Look at what ending regulation of natural gas prices has produced: prices up 50 percent since last year. Home heating oil prices are up 30 percent. Bush’s own Energy Department estimates the rise of heating oil costs will impose an average increase of $375 for customers this winter. No way that supply and demand explains this gouge.

If a home dweller is too poor to order more than 100 gallons at a time, they get smacked with an extra surcharge of 60 to 70 cents per gallon for delivery.

Some states set aside some money. New York State will spend $25 million. Joe Kennedy and Citgo sell discounted heating oil, but that Venezuelan program is undergoing a reduction.

Efforts in Congress to impose a windfall-profits tax on the King Kong, record-profit-setting oil companies got nowhere.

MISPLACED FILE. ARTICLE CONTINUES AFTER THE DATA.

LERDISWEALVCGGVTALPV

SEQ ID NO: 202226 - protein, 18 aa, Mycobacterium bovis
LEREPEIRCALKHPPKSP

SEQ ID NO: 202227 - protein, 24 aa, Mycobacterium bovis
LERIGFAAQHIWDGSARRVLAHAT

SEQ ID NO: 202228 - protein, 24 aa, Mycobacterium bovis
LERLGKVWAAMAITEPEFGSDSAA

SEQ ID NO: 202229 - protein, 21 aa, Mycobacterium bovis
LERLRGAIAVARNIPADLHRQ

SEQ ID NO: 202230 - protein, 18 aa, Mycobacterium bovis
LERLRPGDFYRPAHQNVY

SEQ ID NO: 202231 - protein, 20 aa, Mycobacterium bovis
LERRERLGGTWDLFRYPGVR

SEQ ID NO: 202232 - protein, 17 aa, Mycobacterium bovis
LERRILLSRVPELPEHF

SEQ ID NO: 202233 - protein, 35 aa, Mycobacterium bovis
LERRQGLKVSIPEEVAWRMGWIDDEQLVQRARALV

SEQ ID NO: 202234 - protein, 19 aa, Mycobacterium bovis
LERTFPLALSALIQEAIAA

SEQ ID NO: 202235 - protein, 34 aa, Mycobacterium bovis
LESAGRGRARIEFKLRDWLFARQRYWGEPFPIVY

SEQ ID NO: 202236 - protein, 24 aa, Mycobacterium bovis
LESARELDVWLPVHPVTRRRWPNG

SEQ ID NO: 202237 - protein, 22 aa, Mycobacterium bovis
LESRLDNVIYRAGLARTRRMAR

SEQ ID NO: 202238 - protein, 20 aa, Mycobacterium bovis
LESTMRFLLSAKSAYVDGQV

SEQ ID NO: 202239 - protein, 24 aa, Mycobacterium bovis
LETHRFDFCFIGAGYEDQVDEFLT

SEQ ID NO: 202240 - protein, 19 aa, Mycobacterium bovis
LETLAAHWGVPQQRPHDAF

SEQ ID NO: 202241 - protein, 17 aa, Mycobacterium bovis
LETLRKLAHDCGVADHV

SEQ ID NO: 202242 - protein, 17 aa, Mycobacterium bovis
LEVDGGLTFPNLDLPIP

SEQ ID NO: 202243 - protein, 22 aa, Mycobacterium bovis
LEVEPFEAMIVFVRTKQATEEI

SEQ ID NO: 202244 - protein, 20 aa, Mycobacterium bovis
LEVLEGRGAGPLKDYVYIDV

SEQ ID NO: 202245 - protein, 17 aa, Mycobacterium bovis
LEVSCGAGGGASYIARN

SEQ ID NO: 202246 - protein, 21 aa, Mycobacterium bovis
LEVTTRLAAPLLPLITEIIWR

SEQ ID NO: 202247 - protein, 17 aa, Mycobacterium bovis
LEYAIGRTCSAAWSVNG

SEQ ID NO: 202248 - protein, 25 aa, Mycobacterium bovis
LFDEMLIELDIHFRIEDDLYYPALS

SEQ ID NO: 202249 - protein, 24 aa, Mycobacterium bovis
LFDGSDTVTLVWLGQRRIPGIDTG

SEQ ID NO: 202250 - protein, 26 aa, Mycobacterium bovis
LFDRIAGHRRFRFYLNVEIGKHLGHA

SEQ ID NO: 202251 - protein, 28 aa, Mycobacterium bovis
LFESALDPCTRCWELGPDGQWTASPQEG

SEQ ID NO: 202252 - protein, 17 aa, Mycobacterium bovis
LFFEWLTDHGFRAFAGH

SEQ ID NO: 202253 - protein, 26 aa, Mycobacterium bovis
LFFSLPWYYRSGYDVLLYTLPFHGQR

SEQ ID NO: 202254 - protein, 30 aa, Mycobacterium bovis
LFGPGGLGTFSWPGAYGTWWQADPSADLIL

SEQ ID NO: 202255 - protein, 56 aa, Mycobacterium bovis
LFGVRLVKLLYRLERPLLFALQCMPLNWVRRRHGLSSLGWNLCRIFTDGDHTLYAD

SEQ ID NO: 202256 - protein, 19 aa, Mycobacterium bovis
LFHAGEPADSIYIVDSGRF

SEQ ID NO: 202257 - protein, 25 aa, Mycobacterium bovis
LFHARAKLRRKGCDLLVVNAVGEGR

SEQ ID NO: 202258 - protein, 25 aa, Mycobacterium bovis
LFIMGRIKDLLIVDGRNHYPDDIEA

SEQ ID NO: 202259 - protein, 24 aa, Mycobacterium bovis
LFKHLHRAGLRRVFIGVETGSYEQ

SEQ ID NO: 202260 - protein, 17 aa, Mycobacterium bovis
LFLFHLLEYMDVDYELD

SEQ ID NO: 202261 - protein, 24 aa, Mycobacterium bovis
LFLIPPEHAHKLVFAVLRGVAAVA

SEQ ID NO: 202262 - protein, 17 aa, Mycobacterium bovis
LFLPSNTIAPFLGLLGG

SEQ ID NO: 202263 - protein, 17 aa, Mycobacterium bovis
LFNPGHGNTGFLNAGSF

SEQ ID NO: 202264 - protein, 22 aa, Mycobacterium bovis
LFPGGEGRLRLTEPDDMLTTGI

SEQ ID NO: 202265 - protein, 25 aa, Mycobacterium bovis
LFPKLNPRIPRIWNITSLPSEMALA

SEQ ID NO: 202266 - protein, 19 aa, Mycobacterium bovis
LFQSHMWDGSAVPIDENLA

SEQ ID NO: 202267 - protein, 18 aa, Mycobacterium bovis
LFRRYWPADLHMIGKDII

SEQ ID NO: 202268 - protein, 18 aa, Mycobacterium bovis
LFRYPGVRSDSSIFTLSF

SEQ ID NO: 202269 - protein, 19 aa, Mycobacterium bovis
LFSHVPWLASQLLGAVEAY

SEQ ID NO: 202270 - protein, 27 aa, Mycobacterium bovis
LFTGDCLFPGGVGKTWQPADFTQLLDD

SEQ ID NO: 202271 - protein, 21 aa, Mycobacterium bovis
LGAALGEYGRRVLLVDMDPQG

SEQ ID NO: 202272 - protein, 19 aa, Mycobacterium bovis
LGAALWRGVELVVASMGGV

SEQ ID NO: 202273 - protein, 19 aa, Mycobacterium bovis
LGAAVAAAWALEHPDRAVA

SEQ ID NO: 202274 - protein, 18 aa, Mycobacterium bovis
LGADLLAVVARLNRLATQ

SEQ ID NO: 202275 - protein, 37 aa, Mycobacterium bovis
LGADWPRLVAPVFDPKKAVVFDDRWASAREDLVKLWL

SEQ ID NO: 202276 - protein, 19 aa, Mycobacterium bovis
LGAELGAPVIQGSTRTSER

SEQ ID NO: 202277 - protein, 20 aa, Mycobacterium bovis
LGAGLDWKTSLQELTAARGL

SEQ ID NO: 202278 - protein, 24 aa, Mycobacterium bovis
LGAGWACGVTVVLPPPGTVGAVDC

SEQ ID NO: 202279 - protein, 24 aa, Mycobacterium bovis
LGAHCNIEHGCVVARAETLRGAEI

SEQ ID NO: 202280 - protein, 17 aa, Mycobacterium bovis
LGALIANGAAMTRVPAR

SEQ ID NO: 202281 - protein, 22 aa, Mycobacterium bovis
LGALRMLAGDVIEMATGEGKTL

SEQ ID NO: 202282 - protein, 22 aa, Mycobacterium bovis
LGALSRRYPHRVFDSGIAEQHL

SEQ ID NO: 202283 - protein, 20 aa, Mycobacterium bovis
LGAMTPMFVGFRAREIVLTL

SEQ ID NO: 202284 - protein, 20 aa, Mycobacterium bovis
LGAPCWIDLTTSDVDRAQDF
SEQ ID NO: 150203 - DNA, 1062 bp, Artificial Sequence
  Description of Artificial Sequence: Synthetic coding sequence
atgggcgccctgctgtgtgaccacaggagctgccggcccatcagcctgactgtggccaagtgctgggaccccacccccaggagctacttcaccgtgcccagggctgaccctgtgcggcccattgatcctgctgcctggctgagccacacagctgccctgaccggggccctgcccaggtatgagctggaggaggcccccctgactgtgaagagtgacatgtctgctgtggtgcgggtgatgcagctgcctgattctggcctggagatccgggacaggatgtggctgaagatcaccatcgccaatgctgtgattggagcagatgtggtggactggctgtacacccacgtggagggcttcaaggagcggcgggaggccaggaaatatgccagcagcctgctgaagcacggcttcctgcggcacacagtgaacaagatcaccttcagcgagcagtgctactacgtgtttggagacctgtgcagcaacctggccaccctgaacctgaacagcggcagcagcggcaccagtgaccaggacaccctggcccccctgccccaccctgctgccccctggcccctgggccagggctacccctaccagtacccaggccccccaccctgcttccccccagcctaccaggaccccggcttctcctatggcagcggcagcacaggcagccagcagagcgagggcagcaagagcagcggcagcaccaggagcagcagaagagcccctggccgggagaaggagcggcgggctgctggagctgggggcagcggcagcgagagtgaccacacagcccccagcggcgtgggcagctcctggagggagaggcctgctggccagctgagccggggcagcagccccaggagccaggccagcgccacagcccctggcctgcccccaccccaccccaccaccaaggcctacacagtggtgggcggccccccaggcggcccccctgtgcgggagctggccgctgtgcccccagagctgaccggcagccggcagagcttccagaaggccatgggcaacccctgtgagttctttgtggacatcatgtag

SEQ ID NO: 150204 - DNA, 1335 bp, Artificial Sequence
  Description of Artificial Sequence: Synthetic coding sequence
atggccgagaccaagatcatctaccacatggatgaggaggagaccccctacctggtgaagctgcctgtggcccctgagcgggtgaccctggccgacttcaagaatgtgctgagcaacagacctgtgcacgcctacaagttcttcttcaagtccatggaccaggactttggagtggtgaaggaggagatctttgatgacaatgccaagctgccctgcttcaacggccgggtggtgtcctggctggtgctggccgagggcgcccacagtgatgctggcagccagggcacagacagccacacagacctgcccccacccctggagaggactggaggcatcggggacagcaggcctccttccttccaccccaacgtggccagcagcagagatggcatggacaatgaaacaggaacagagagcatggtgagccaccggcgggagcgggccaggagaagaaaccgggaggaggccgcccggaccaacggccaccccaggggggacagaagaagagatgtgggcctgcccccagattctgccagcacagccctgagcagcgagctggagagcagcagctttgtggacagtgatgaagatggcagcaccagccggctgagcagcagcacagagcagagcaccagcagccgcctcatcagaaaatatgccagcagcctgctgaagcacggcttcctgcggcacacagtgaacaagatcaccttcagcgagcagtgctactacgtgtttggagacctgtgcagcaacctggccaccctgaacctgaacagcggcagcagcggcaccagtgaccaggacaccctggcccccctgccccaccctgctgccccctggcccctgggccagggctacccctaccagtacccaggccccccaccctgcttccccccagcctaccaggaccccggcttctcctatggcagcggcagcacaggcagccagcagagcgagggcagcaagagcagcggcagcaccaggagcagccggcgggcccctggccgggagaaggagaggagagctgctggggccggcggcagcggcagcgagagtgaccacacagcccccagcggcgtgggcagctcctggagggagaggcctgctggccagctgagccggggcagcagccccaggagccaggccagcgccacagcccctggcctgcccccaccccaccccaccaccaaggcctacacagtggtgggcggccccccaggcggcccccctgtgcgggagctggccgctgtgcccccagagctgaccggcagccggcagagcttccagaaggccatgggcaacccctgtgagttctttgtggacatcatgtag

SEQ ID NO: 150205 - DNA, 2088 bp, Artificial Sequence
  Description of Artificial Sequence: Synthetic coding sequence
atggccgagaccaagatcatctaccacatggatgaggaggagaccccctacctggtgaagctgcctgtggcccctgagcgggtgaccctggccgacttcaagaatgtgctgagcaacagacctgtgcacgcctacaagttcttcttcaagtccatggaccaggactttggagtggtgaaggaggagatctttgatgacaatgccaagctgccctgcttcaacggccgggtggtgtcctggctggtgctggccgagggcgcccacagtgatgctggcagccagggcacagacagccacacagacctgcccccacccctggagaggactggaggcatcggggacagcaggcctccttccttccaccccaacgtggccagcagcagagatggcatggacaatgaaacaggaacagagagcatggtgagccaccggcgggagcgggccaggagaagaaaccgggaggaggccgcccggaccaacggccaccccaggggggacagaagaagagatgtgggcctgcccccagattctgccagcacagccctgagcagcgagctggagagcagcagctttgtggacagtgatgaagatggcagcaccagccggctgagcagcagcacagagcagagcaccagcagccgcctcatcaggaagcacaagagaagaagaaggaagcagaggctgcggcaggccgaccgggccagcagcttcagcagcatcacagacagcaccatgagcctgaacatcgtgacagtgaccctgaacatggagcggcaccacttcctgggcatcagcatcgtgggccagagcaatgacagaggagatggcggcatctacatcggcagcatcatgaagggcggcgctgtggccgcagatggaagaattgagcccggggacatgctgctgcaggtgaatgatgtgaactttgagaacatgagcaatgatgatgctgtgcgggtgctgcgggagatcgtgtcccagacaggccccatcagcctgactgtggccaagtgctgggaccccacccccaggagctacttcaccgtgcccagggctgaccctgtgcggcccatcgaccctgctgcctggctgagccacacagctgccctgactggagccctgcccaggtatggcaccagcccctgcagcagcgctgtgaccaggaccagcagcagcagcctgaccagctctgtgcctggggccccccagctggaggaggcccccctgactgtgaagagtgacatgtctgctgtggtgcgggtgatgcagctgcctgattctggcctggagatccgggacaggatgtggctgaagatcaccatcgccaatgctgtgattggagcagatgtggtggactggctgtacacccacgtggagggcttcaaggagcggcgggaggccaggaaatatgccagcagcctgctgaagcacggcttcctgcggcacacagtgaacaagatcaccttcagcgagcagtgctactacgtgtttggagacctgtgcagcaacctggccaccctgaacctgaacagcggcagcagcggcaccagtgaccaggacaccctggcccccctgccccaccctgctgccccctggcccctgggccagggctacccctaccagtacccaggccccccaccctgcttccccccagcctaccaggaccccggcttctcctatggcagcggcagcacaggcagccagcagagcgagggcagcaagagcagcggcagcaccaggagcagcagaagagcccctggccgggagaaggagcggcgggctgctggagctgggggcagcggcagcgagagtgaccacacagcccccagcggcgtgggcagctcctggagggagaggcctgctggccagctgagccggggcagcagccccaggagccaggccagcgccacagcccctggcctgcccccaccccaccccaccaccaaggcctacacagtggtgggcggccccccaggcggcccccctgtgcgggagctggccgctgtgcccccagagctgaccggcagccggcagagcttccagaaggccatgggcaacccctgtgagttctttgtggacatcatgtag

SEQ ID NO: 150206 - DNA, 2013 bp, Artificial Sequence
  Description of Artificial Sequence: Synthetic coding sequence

Two years ago, efforts by Senator Charles Grassley (Rep. Iowa), then chairman of the Senate Finance Committee, begging the major oil giants to slice off a tiny portion of their profits for charitable contributions toward energy assistance for the poor did not receive even the courtesy of a response.

I’ve asked members of Congress, including the Black Caucus and the Hispanic Caucus in the House of Representatives to take up this cause vigorously and prominently on behalf of their constituents back home. Have you heard any high-visibility demand from these veteran lawmakers? I haven’t.

Even Senator Grassley seems to have despaired.

Please note that ExxonMobil alone made $36 billion in profits last year. That’s one company profiting over seven times the amount of dollars needed for energy assistance. Greed, arrogance, callousness and far too much unaccountable power exists in Big Oil and in its White House.